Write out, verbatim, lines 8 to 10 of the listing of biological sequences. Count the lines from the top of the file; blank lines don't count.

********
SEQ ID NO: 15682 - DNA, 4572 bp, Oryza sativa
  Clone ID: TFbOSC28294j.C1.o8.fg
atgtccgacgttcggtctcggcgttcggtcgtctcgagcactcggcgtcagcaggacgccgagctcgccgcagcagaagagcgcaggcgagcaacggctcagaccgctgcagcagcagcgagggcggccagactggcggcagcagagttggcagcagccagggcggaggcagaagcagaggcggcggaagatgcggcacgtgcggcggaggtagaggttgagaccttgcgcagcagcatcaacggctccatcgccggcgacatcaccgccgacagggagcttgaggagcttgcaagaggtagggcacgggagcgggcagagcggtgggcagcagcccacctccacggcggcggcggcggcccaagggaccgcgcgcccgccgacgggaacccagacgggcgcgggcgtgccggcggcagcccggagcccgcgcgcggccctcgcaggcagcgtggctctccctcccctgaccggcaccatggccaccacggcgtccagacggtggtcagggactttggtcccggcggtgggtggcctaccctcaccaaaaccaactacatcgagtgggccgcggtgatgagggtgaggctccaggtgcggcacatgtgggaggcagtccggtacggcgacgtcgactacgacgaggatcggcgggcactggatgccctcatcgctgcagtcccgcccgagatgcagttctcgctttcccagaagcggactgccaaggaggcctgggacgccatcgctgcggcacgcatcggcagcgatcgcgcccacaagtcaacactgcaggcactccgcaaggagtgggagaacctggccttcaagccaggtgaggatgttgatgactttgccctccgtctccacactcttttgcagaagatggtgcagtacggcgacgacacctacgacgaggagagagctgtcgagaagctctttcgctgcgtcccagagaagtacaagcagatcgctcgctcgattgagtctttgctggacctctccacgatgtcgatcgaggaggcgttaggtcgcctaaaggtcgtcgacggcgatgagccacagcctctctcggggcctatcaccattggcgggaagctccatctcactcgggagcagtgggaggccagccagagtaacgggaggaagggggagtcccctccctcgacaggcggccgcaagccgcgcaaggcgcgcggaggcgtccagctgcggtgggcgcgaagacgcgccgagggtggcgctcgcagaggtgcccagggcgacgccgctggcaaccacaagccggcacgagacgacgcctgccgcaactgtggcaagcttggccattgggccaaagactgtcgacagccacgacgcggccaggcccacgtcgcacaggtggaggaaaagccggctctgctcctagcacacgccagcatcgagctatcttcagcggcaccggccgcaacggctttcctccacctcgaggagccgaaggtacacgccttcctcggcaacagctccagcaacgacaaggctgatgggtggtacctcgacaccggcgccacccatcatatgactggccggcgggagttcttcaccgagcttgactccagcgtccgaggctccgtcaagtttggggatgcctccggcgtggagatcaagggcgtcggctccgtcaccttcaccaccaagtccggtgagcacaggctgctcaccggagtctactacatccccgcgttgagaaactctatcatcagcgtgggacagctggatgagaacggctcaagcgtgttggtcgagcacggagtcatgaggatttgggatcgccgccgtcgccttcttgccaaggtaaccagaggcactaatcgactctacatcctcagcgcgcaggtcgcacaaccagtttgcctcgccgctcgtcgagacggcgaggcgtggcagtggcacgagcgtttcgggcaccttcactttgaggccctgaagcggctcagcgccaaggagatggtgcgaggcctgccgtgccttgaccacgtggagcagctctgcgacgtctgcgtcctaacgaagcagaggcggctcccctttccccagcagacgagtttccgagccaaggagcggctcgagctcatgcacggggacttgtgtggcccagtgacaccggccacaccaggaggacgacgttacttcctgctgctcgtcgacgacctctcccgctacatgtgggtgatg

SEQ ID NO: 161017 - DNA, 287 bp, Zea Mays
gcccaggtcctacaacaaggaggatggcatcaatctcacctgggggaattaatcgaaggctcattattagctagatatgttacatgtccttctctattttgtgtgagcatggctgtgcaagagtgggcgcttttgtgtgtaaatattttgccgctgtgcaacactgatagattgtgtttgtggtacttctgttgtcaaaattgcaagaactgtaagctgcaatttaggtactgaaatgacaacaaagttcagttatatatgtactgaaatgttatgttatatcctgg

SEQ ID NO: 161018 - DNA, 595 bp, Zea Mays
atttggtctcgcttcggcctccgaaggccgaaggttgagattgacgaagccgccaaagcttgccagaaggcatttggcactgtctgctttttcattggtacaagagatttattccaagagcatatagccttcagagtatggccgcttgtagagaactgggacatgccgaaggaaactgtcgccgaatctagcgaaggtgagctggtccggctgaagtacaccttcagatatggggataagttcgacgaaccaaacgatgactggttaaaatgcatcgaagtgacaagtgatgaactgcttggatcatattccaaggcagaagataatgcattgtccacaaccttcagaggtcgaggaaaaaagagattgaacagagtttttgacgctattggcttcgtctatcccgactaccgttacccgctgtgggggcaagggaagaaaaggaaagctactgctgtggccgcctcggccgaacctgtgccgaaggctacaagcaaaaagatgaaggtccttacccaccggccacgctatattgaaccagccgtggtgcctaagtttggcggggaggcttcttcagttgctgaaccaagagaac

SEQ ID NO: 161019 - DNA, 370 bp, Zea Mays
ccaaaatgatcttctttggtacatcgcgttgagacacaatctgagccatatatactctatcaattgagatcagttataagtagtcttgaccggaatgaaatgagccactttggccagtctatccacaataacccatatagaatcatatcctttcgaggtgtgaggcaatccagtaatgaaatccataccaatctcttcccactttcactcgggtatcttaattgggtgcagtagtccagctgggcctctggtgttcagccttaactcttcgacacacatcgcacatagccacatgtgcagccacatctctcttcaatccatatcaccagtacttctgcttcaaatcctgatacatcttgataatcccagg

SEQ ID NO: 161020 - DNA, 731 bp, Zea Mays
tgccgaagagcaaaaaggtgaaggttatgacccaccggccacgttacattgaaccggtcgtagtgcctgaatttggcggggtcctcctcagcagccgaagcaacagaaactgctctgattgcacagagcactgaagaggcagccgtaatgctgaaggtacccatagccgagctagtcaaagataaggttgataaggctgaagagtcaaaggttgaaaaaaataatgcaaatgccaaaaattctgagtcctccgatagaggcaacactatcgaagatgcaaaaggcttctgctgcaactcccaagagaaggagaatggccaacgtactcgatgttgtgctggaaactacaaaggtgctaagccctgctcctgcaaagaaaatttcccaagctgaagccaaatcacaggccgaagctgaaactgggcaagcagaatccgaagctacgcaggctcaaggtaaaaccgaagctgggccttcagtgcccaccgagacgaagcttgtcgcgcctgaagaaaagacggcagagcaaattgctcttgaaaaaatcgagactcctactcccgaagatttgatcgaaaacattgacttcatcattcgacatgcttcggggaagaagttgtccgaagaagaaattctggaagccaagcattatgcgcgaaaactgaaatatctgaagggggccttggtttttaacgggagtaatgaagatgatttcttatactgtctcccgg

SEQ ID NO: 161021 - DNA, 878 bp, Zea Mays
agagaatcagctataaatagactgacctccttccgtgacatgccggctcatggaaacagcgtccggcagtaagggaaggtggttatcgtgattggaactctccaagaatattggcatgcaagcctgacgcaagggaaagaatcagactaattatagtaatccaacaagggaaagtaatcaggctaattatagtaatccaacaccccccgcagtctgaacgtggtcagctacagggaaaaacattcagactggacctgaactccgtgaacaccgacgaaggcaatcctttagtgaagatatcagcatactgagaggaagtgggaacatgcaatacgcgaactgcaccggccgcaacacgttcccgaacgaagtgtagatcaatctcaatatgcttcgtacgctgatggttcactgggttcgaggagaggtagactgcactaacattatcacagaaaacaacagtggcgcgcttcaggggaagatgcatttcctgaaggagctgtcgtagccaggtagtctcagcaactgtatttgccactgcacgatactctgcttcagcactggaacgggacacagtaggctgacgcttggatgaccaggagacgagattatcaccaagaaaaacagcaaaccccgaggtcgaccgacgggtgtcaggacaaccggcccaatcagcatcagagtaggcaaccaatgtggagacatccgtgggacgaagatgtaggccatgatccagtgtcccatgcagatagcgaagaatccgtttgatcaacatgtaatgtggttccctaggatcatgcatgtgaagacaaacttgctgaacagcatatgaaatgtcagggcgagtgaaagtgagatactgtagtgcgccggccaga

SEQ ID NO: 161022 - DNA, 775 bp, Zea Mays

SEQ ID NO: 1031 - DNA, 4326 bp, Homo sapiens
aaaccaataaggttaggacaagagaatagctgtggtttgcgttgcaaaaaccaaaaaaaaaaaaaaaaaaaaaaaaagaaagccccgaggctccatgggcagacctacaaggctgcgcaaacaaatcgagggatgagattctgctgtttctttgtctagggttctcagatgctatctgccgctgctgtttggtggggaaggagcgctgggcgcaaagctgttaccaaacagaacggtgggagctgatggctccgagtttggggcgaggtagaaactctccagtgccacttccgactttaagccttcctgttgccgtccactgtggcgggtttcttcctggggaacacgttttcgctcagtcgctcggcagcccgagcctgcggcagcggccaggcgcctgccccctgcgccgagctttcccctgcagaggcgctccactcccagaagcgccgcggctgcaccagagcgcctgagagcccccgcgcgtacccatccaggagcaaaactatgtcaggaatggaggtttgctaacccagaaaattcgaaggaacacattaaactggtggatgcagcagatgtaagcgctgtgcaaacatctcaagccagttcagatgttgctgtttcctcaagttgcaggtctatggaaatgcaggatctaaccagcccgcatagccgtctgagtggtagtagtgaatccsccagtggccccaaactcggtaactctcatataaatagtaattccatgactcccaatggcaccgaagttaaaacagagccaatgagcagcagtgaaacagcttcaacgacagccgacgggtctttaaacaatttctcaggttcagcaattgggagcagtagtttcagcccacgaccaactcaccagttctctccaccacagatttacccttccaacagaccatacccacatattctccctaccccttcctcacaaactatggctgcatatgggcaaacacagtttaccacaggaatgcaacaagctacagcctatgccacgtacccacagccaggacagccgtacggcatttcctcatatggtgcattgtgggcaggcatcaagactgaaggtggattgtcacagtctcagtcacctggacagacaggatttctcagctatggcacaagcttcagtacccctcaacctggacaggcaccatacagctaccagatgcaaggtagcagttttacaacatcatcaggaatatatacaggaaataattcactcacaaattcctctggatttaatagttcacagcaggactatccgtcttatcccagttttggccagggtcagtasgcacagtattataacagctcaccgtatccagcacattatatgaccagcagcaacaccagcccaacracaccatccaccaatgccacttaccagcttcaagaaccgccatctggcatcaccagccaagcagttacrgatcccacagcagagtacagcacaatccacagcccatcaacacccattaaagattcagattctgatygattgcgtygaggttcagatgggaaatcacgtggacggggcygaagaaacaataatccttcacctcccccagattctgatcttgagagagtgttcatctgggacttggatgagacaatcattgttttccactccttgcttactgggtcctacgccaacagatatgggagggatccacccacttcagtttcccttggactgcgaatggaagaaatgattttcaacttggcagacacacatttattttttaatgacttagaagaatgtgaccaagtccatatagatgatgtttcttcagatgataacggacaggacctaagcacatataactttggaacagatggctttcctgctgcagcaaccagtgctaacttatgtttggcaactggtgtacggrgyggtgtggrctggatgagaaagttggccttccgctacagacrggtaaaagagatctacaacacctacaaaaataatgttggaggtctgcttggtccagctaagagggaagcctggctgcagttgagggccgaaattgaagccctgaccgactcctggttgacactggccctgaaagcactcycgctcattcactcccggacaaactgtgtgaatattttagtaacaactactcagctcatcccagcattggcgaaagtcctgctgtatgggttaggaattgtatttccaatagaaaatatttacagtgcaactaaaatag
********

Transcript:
SEQ ID NO: 161019 - DNA, 370 bp, Zea Mays
ccaaaatgatcttctttggtacatcgcgttgagacacaatctgagccatatatactctatcaattgagatcagttataagtagtcttgaccggaatgaaatgagccactttggccagtctatccacaataacccatatagaatcatatcctttcgaggtgtgaggcaatccagtaatgaaatccataccaatctcttcccactttcactcgggtatcttaattgggtgcagtagtccagctgggcctctggtgttcagccttaactcttcgacacacatcgcacatagccacatgtgcagccacatctctcttcaatccatatcaccagtacttctgcttcaaatcctgatacatcttgataatcccagg

SEQ ID NO: 161020 - DNA, 731 bp, Zea Mays